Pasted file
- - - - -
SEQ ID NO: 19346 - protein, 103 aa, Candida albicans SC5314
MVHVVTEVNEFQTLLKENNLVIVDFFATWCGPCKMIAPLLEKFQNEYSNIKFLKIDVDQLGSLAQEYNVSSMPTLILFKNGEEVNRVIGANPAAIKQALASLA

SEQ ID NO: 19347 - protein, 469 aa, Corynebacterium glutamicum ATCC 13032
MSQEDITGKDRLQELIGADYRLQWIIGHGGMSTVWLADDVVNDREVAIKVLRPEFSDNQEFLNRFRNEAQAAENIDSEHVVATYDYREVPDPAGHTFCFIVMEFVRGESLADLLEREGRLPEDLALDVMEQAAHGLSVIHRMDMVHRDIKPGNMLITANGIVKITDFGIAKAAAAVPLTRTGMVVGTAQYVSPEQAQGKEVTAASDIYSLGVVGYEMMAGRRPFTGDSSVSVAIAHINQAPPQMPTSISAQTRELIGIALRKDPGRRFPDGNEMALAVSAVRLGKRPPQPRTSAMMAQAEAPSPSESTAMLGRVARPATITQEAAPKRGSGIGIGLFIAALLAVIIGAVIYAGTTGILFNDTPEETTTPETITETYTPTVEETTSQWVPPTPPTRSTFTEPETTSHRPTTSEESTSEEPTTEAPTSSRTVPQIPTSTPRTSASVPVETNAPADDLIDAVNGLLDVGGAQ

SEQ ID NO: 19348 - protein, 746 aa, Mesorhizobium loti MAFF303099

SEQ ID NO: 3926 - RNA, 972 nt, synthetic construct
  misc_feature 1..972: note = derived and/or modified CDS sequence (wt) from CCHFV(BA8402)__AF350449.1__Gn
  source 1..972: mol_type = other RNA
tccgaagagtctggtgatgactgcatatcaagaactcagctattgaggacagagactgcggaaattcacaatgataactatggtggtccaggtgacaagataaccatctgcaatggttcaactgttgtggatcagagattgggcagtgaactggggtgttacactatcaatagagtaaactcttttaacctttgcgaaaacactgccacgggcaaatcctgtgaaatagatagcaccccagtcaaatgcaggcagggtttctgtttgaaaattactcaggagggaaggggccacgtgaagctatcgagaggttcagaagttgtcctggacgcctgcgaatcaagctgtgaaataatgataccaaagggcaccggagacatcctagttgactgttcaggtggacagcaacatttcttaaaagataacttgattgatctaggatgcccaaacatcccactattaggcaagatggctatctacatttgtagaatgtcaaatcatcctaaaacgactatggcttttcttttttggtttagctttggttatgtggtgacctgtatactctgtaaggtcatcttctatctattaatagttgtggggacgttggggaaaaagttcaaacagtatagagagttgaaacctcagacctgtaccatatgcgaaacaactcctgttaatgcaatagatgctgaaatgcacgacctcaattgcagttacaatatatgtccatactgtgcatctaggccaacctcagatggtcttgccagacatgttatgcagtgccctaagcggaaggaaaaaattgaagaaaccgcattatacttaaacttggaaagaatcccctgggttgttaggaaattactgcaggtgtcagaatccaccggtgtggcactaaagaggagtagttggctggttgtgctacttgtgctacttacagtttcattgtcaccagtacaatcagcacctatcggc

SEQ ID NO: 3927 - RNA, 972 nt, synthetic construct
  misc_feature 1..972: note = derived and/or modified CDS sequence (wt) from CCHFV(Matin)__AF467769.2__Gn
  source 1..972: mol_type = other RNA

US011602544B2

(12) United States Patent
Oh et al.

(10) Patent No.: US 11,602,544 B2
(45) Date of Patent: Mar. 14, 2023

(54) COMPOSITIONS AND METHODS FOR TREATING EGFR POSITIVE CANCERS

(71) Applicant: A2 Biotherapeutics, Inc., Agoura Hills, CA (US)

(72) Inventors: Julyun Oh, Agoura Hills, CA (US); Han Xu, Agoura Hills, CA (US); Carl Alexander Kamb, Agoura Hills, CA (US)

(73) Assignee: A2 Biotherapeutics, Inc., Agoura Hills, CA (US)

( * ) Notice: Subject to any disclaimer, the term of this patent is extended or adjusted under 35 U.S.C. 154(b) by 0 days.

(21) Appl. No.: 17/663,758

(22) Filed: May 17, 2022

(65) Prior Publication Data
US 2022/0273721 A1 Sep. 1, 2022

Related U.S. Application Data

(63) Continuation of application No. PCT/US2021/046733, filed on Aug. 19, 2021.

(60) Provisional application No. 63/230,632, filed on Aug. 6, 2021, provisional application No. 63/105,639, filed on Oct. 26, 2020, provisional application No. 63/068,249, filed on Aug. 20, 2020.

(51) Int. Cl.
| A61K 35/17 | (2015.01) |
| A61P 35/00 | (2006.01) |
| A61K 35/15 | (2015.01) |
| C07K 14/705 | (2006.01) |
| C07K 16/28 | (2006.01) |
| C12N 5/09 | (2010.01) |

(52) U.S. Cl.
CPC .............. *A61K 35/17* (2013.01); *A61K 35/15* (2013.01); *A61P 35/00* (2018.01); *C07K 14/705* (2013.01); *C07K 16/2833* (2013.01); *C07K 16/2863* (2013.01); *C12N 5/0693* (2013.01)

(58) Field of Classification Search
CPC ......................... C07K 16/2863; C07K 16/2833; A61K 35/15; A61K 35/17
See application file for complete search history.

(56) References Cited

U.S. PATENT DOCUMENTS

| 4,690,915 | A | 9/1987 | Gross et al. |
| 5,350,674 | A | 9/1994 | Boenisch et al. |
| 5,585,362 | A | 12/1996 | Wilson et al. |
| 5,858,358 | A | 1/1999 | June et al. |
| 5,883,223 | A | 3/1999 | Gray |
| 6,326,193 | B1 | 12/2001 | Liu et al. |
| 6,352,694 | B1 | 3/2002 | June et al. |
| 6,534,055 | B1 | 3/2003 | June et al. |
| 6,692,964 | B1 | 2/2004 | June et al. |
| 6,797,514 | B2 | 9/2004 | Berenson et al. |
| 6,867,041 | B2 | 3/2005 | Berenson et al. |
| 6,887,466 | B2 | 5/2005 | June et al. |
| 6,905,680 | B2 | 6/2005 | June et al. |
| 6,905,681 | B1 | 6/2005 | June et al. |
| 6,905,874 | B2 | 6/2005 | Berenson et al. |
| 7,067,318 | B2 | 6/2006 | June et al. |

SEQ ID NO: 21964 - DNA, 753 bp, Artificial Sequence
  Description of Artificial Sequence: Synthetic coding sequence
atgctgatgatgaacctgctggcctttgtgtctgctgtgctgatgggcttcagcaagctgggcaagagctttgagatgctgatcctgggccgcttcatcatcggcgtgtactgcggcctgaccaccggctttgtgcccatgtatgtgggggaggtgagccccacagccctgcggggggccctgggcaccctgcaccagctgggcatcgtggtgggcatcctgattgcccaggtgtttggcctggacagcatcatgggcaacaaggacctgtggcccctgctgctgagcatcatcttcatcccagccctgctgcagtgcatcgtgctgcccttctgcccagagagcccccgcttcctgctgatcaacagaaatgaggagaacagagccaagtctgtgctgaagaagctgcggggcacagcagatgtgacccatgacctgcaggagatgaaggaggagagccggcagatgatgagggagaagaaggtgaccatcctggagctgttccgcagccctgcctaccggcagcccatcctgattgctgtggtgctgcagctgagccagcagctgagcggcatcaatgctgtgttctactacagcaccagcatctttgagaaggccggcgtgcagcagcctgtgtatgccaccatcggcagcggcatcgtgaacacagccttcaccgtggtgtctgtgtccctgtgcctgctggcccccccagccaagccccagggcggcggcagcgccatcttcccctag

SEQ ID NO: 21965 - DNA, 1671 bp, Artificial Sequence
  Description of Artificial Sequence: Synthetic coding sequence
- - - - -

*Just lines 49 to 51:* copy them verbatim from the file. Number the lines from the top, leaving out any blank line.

| 6,326,193 | B1 | 12/2001 | Liu et al. |
| 6,352,694 | B1 | 3/2002 | June et al. |
| 6,534,055 | B1 | 3/2003 | June et al. |